Independent Expenditures: A Hidden Force in State Elections

Source: National Institute on Money in State Politics, August 1, 2007

From press release:
Political expenditures made from outside official campaigns amounted to more than $115 million in just five states, a new study found, evidence of how powerful so-called independent expenditures are becoming in state politics. Compiling a comprehensive total of such expenditures for all 50 states is virtually impossible, a companion report notes, because of inadequate reporting requirements in most states.

While 39 states require some form of disclosure for individuals or groups making these expenditures in state elections, only Alaska, California, Colorado, Maine and Washington disclose the information in a way that the public can easily access and use, the National Institute on Money in State Politics discovered.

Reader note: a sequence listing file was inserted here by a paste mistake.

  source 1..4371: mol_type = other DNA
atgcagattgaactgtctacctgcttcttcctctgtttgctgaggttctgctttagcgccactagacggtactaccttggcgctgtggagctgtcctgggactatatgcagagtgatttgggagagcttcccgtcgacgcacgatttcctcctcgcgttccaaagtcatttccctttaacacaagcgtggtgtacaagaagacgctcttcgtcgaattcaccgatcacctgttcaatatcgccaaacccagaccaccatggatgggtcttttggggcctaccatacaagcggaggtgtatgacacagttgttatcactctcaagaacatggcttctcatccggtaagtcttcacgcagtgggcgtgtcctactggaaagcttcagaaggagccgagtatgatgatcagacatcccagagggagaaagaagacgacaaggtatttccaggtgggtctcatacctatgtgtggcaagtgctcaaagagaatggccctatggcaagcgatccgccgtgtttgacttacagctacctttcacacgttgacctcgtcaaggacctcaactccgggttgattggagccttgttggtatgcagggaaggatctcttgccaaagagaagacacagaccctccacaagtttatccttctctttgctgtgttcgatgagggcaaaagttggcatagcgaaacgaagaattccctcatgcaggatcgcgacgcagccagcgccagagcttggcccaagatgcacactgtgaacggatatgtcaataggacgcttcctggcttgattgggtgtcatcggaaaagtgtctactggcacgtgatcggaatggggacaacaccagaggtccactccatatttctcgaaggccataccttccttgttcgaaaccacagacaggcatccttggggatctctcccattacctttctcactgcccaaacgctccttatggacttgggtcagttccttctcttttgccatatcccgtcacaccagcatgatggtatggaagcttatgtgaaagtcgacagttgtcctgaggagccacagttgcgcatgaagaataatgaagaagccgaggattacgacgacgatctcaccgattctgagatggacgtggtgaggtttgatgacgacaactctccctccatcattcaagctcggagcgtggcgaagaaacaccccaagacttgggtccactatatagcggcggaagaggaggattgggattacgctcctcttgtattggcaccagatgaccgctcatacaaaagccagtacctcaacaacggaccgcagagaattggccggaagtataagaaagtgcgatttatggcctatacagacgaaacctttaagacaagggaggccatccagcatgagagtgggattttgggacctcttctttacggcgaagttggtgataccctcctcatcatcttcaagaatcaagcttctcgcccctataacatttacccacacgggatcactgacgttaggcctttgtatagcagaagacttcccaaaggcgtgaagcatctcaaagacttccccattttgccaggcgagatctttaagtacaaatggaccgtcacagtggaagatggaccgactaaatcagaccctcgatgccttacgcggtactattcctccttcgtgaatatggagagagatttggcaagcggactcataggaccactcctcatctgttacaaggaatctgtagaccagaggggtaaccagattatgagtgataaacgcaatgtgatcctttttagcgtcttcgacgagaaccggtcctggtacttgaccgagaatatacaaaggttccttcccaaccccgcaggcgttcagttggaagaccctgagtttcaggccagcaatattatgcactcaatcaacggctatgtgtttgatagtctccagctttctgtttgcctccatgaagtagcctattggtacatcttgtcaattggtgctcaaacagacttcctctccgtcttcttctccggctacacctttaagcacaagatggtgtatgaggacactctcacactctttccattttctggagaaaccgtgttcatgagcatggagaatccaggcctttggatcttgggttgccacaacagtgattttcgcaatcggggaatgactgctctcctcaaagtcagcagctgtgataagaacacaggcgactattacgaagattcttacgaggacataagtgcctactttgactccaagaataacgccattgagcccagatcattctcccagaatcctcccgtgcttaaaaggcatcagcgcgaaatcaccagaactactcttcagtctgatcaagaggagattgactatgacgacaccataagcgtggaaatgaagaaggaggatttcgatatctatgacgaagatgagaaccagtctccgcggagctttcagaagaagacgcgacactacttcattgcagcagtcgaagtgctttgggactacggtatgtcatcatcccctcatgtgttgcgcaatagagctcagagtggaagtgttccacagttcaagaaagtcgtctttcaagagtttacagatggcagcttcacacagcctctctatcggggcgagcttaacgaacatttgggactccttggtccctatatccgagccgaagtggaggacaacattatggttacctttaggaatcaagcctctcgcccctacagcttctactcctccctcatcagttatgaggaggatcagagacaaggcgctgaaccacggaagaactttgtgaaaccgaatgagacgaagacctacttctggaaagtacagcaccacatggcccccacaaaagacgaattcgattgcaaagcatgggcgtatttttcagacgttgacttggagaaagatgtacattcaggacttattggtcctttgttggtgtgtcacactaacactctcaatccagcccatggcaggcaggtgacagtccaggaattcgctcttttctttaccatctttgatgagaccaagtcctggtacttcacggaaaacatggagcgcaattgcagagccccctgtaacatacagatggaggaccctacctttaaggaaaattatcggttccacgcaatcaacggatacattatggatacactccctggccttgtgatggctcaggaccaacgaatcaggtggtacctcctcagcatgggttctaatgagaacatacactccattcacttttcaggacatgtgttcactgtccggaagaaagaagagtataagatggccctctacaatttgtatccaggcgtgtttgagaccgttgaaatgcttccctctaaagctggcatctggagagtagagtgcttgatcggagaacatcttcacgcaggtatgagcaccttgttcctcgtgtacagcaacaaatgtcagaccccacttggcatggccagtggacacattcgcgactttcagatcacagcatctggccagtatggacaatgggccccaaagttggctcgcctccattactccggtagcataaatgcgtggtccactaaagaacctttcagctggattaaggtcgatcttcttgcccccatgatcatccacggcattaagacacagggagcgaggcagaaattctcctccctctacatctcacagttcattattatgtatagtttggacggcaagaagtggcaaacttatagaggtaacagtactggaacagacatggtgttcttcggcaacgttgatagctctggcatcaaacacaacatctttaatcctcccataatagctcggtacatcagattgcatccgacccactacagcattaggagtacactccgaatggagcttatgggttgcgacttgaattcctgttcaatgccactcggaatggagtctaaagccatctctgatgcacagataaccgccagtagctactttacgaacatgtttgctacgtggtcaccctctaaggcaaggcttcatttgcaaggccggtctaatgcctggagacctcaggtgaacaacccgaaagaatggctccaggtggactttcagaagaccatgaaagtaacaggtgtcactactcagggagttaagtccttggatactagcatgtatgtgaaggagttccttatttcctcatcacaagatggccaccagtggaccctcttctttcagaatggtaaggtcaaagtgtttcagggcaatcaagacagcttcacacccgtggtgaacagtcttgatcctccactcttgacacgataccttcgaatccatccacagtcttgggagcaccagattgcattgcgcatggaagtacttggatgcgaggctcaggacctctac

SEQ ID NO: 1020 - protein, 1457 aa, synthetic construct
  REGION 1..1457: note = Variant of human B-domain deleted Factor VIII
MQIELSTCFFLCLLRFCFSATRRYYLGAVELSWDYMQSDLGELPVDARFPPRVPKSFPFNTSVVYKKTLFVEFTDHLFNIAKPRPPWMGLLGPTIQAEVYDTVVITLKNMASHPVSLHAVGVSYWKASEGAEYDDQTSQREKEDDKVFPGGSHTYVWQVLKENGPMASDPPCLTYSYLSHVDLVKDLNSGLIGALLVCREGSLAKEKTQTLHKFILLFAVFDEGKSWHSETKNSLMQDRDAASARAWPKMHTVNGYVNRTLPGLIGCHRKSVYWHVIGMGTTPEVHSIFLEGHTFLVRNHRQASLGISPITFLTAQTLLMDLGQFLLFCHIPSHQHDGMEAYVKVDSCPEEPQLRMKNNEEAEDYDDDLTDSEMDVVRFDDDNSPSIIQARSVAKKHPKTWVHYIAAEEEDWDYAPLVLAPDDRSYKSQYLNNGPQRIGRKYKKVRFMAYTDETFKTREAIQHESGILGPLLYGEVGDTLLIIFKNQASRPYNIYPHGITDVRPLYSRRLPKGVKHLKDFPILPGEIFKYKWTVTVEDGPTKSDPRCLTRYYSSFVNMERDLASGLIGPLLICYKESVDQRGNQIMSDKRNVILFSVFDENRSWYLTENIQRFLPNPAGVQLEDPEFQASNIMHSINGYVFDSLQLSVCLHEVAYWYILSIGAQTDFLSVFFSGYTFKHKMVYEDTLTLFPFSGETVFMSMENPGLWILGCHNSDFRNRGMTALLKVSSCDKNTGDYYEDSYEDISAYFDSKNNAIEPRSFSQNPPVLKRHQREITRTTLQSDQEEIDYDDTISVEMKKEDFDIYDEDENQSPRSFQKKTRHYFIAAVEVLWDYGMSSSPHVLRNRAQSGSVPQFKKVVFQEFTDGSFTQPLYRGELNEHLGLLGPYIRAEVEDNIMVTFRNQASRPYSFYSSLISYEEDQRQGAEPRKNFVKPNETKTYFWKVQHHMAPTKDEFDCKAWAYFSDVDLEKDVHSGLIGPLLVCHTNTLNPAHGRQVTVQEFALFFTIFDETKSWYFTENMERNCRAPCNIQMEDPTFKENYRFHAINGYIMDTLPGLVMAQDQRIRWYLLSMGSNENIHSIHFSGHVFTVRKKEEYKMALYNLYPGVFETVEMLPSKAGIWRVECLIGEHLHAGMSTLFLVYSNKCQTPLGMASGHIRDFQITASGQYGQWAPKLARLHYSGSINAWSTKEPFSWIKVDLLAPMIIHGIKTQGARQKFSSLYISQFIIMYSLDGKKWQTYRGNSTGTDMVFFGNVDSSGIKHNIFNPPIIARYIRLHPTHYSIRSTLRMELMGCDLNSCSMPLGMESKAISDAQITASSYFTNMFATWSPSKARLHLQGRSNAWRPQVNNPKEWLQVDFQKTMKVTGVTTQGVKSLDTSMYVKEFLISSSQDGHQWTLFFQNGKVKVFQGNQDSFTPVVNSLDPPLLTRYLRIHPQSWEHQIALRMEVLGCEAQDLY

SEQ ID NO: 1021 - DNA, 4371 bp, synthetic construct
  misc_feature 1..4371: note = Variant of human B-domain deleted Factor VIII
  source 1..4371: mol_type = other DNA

The first report, “Independent Expenditures, 2006” investigates spending on independent expenditures in the five states where data was readily obtainable, while “Indecent Disclosure” discusses problems with obtaining meaningful data on independent expenditures from the various state disclosure agencies. Taken together, the reports reveal the extensive impact of independent expenditures on the political process and the patchwork nature of disclosure laws regulating independent expenditures in the states.

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